The Guardian issued an admission on Tuesday that it should not have used the headline "Israel admits harvesting Palestinian organs," for a report it published on Monday alleging the harvesting of organs by specialists at the Abu Kabir forensic institute. The UK paper also changed the headline of the piece in its Internet edition to "Doctor admits Israeli pathologists harvested organs without consent," thus averting it from being yet another reported instance of malicious Israeli handling of dead Palestinians, to a somewhat mundane instance of medical malpractice.
The Guardian said that the headline neglected an "admission... that during the 1990s specialists at the institute harvested organs from the bodies of Israeli soldiers, Israeli citizens, Palestinians and foreign workers without getting permission from the families of the deceased."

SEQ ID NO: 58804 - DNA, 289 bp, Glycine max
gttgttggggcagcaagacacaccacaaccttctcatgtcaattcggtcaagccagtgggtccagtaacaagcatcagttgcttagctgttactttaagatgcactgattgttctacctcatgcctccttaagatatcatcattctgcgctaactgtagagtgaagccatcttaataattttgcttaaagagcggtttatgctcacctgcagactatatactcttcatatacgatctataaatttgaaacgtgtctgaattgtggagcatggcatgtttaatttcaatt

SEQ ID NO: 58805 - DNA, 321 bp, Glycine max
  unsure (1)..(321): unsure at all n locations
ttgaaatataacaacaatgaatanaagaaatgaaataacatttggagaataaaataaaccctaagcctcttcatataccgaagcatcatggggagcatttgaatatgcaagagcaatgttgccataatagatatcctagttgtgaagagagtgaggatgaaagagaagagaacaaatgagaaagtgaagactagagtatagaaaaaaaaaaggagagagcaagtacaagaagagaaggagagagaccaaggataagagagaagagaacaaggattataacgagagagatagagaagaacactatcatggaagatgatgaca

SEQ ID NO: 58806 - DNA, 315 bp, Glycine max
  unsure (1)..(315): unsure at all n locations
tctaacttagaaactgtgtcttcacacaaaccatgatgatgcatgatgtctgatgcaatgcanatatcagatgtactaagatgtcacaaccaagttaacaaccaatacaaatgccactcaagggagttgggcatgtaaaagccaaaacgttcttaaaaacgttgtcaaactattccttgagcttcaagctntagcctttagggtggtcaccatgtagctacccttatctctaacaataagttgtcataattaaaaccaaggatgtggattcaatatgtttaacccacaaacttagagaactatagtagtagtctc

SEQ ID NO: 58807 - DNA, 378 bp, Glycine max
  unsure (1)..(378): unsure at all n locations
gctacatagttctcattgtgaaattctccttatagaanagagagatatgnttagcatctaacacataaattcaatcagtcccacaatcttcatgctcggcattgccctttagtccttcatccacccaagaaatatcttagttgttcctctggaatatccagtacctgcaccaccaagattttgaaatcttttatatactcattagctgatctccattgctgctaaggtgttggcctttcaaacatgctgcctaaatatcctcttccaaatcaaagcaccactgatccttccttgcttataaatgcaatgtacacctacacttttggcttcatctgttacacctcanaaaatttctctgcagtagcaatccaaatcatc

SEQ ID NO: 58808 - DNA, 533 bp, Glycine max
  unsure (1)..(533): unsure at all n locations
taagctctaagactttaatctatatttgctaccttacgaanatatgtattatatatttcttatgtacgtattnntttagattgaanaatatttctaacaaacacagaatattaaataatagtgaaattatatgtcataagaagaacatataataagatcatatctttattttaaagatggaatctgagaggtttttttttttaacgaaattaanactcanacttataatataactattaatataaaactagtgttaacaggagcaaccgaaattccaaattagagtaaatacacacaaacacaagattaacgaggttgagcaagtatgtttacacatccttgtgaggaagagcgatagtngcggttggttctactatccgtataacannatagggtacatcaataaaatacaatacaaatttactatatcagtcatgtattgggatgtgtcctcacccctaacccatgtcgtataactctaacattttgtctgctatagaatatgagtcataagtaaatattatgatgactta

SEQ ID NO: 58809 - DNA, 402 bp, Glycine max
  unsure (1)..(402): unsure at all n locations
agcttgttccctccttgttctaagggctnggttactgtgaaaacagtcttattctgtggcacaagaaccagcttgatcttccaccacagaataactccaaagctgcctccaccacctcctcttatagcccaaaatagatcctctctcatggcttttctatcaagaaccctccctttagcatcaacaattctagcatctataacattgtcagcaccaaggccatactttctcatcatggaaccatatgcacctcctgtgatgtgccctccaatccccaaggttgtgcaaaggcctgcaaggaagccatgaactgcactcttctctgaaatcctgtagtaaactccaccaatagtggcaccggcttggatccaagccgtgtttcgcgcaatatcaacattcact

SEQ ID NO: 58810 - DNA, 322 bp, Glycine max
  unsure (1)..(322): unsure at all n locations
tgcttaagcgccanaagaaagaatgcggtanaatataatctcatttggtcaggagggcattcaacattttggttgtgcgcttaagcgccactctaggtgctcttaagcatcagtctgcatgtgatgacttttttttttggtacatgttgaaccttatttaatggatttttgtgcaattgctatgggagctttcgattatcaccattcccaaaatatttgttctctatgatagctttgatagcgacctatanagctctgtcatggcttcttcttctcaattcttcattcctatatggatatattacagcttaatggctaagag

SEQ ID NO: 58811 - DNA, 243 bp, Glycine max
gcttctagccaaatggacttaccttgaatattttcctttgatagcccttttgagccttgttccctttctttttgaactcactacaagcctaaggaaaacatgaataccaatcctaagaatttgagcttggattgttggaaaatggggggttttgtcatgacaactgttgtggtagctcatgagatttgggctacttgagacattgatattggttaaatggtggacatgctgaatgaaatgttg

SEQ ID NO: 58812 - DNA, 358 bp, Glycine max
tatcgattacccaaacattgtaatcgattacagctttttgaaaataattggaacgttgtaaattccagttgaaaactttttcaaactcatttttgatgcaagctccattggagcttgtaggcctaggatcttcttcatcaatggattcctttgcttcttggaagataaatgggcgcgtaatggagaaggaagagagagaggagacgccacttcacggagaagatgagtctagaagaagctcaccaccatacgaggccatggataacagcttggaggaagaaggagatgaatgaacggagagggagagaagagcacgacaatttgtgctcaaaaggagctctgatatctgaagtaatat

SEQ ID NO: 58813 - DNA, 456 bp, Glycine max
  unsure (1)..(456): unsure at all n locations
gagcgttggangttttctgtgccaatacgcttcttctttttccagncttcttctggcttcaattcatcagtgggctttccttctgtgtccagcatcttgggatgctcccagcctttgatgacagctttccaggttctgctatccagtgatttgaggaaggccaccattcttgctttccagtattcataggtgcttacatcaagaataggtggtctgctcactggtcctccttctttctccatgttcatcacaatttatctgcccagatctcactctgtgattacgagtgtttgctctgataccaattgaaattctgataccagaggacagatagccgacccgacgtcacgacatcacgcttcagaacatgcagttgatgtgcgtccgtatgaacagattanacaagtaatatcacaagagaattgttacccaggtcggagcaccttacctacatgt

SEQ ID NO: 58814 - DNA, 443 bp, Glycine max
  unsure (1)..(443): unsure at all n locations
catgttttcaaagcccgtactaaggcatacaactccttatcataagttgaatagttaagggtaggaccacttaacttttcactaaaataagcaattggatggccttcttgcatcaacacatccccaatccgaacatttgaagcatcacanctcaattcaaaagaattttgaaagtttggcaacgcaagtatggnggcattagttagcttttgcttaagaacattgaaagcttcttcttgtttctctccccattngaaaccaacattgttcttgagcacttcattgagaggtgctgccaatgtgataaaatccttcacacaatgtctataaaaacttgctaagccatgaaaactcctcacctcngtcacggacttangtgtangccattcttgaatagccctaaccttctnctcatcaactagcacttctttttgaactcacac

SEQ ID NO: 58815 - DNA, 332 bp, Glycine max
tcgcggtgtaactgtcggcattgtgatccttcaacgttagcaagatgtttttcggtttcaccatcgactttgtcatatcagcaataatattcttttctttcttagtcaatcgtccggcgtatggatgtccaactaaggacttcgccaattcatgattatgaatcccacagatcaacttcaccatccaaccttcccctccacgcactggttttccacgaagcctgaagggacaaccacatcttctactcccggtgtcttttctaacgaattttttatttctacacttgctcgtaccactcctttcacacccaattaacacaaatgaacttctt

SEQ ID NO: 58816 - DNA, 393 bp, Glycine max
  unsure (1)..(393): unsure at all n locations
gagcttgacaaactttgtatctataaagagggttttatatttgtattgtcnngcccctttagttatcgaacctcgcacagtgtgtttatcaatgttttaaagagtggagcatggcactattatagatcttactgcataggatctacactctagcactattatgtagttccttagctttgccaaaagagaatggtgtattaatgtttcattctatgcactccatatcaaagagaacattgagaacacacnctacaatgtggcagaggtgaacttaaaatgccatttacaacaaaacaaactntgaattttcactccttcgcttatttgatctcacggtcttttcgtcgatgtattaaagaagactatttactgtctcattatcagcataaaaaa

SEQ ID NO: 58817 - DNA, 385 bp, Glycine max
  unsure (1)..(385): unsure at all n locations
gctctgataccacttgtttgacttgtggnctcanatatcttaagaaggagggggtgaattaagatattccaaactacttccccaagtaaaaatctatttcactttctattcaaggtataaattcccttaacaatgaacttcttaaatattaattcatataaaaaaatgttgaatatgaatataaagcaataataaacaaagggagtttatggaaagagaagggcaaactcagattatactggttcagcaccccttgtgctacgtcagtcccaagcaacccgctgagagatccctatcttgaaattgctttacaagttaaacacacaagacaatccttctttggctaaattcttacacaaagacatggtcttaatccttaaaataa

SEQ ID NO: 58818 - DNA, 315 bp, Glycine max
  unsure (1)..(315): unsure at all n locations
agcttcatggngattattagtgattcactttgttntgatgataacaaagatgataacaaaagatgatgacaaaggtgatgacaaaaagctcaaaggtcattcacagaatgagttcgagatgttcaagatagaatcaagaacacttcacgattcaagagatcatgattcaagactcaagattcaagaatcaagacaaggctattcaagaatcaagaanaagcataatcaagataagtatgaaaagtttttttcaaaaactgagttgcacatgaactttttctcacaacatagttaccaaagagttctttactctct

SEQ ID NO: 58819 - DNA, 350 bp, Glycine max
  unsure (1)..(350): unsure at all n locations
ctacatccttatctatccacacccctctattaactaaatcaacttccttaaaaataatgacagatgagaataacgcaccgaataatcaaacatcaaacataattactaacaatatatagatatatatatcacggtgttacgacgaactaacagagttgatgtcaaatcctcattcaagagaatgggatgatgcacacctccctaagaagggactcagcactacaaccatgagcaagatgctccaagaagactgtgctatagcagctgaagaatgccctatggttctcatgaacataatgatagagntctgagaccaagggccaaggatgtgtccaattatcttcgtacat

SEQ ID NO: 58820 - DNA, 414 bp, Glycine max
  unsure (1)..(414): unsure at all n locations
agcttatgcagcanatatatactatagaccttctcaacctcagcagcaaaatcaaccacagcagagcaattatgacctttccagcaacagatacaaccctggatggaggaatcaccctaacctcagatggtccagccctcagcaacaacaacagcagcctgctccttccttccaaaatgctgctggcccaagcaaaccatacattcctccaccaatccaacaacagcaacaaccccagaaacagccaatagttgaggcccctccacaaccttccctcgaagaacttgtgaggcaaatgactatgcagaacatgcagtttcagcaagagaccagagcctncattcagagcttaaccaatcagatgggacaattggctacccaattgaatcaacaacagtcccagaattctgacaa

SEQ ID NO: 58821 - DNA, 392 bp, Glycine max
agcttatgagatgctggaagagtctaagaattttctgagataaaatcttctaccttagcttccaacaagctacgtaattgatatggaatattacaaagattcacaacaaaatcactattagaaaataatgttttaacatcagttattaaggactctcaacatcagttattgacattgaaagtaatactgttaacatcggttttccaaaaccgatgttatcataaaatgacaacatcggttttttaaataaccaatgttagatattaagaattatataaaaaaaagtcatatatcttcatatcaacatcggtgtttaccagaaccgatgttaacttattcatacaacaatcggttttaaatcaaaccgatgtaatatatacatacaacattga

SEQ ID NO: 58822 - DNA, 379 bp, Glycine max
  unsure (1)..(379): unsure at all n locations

The correction called the headline a "serious editing error" which "did not match the article, which made clear that the organs were not taken only from Palestinians."
The story also noted the controversy of the Swedish newspaper reporting organ theft by the IDF from the bodies of dead Palestinians during Operation Cast Lead.
"The revelation, in a television documentary, is likely to generate anger in the Arab and Muslim world and reinforce sinister stereotypes of Israel and its attitude to Palestinians. Iran's state-run Press TV tonight reported the story, illustrated with photographs of dead or badly injured Palestinians," the paper said.
In August, Donald Bostrom caused an uproar after publishing an article in the Swedish newspaper Aftonbladet accusing the IDF of harvesting the organs of Palestinians during Operation Cast Lead.